This article is more than 1 year old

Cisco says its AI crystal ball can predict network errors

Now all we need is a model to predict where and when and how this will be used

Wish your network could predict its own problems and fix them automatically? Cisco believes it has the technology you need.

The networking tech giant announced today what it said is the culmination of two years of work: an analytics engine that can predict network issues before they happen, and with enough integration and training even fix problems itself, Cisco said

Citing data from an in-house study, Cisco said that 45 percent of IT leaders it surveyed cited responding to disruptions as their biggest networking challenge of 2021. Predictive analytics technology, coupled with "enormous amounts of historical [networking] data," is a potential solution, Cisco said.

Cisco's predictive networking engine draws upon various machine learning models, a company spokesperson told The Register. They said Cisco has worked with advanced statistical models (Cisco didn't state which) as well as experimented with long short-term memory and convolutional neural networks

"Our research for predictive networks has been tested and developed with customers, and early adopters are seeing major benefits saving them time and money," added Cisco chief exec Chuck Robbins in a canned statement. Cisco named, in a video, energy company Phillips 66, Schneider Electric, and HR provider The Adecco Group as some of its early adopters.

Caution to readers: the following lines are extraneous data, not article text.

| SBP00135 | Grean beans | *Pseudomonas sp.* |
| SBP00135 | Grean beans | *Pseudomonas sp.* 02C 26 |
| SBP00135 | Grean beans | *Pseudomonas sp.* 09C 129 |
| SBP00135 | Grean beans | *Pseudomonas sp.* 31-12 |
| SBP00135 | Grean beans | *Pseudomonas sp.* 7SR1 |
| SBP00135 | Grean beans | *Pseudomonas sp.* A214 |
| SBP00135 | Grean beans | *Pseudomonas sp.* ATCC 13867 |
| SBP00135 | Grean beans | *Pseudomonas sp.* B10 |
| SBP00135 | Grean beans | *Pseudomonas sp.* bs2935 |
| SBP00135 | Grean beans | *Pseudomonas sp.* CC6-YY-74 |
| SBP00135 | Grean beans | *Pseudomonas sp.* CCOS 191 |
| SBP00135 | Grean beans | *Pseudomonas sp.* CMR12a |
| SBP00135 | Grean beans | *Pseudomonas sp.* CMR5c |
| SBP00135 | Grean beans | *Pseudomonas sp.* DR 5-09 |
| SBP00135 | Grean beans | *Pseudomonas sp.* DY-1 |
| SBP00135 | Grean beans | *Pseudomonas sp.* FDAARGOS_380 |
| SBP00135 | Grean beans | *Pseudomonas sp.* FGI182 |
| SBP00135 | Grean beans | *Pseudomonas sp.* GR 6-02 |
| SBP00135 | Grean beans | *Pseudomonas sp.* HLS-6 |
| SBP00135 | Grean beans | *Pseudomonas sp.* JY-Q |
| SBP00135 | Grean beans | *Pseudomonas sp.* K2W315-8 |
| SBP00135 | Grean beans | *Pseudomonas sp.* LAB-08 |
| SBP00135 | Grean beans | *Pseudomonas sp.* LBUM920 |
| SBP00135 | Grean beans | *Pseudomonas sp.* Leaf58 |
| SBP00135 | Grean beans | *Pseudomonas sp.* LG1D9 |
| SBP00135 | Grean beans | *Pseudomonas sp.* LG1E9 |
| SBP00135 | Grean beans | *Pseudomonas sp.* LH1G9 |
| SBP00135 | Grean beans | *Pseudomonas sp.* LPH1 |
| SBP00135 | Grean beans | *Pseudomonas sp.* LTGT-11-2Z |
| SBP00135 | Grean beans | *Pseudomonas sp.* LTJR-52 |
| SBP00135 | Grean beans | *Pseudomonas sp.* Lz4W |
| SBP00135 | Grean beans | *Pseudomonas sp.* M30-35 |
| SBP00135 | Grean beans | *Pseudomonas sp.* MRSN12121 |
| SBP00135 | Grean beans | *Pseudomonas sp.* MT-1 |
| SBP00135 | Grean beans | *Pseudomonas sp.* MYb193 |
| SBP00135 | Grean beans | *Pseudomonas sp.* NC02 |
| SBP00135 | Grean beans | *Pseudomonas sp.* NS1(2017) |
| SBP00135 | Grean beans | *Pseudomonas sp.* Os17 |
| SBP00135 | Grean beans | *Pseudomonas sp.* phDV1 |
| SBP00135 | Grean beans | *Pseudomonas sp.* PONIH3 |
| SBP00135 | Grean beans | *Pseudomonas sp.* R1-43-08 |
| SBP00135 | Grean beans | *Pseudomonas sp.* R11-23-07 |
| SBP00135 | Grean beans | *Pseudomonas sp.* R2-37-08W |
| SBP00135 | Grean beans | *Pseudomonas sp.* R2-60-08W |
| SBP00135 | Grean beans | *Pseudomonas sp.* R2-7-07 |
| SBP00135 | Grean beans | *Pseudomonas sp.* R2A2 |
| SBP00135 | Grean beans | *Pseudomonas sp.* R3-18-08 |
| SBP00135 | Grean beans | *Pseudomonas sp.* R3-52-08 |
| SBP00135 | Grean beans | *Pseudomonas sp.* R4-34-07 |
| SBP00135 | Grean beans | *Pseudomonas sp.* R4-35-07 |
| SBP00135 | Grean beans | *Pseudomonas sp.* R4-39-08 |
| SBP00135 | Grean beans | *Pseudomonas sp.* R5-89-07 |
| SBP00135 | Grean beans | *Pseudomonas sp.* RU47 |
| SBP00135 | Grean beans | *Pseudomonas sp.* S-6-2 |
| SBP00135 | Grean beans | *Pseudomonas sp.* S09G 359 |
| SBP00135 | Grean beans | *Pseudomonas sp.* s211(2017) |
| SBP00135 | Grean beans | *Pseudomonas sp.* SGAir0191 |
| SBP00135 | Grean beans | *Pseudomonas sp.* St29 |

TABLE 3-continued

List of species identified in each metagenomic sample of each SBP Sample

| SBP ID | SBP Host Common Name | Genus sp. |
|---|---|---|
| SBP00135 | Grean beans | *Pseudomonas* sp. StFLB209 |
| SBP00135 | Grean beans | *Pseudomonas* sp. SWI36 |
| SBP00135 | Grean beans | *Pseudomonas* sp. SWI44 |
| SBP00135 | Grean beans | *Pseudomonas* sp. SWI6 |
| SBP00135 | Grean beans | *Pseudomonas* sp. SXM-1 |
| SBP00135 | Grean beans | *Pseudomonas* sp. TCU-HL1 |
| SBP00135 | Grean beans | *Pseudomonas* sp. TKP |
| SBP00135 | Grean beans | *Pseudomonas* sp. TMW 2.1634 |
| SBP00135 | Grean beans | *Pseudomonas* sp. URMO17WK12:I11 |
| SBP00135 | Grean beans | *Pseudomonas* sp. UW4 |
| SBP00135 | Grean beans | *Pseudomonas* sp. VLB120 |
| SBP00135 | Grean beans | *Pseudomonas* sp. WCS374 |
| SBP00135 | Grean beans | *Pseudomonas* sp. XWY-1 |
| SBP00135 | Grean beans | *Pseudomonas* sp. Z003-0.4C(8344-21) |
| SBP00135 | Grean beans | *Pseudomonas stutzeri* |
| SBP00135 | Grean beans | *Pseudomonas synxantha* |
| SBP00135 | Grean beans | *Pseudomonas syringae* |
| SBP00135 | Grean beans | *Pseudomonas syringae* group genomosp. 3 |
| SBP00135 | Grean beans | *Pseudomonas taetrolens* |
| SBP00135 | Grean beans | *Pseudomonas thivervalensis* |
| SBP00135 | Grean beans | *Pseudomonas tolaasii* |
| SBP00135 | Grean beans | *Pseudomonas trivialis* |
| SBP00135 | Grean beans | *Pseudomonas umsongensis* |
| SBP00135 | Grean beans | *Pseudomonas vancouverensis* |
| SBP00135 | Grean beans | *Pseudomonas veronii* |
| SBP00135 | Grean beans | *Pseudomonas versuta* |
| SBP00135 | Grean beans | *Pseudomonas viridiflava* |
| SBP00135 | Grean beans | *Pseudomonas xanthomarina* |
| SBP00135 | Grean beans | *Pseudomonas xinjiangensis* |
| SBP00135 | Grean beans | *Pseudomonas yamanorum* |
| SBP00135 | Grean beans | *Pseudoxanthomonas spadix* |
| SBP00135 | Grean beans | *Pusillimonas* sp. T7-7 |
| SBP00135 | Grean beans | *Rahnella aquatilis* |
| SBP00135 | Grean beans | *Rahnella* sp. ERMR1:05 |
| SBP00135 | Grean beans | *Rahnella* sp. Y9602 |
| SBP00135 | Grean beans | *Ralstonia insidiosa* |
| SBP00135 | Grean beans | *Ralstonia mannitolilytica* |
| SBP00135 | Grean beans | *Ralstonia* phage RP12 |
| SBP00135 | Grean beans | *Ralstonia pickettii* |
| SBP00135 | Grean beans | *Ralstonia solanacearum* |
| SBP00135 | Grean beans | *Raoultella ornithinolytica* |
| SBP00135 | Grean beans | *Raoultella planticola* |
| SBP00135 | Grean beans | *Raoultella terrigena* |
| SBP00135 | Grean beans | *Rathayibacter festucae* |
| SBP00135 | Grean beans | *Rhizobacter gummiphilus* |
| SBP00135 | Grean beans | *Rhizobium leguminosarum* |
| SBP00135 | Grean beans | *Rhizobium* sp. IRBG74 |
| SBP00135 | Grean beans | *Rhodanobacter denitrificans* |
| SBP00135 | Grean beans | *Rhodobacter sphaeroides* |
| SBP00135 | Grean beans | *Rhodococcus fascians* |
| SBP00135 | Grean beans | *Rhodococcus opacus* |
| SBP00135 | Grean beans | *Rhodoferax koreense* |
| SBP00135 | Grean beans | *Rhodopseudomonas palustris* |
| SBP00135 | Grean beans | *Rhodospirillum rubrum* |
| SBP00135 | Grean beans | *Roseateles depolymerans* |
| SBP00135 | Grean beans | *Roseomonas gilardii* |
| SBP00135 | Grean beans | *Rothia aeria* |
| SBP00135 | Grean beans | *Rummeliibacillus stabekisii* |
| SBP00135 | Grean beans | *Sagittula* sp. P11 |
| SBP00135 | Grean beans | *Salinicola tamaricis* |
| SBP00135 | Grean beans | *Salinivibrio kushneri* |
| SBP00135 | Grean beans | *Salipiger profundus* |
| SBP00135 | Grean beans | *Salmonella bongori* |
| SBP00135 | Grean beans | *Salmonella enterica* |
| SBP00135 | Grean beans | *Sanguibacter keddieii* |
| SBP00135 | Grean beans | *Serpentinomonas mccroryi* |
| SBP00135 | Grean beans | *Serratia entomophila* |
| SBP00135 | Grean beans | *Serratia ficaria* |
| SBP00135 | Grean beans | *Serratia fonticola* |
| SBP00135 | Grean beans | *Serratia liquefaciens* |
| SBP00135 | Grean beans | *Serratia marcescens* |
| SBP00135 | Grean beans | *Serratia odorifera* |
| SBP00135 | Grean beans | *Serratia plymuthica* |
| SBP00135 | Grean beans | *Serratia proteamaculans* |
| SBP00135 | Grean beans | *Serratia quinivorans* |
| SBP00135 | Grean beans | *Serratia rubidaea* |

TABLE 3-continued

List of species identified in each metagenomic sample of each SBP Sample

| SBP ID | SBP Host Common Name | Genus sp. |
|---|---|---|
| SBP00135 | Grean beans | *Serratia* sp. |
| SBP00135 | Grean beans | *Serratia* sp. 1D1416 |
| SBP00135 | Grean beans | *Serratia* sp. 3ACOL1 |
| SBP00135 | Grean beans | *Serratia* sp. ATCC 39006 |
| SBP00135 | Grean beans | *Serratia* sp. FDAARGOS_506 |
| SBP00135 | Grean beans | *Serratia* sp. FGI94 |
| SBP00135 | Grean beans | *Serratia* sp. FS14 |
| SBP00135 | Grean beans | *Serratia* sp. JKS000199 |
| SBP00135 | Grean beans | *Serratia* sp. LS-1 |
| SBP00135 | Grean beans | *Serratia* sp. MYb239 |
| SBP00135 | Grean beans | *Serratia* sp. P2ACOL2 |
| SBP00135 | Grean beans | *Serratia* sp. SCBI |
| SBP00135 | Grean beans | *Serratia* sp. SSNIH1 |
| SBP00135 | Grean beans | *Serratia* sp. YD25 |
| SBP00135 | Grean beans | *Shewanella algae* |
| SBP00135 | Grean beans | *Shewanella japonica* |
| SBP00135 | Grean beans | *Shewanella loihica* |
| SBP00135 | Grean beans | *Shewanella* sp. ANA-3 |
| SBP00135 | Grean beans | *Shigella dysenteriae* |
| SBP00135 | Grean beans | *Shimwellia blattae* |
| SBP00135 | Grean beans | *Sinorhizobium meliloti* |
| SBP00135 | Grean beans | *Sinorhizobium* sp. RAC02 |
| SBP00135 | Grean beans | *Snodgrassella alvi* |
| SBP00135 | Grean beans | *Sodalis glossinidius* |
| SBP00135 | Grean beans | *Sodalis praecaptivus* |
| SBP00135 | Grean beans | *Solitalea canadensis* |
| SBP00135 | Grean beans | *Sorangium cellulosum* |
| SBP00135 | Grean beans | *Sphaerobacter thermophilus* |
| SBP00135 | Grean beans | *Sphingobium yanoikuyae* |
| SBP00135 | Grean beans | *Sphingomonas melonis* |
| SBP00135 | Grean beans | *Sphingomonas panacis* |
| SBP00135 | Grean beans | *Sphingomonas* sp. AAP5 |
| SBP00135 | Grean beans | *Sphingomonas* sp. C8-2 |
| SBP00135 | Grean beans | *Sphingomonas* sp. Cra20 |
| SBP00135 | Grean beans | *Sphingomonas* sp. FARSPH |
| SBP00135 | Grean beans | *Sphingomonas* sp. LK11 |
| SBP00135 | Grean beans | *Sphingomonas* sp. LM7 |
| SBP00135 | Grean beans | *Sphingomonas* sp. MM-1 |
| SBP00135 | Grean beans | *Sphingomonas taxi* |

Cisco said it has plans to incorporate predictive networking technology across its portfolio "in integrated, easy-to-use software-as-a-service" offerings. Cisco didn't state which products its predictive networking would be included with, though it did tell The Register its predictive analytics engine "will power a broad range of products and services over the next few years." 

Robbins saying in the company's announcement that self-healing networks are the future of connectivity implies the biz's future plans may well center around its predictive networking engine. 

As for what sort of networking data the predictive engine can process, a Cisco spokesperson claimed were "no blind spots or limitations" in terms of what it can see and monitor. Cisco cited telemetry data from applications, traffic volumes, log events, and topology as specific things it could watch. Other than that, Cisco only told us that the company has a "broad portfolio of observability, visibility, and intelligence technologies" that will feed its new predictive model. 

The engine can make recommendations to administrators, such as redirecting traffic, and also has a "trusted" mode that will allow the engine to perform some automated actions. Cisco told The Register the engine could automate things like path selection, quality-of-service and configuration changes, though what it's able to do without human approval will be limited.

As for how to get it, or when it will be available, Cisco didn't publish any information nor respond to The Register's inquiries toward that end, aside from saying it planned to talk more about its predictive engine at Cisco Live in June. ®

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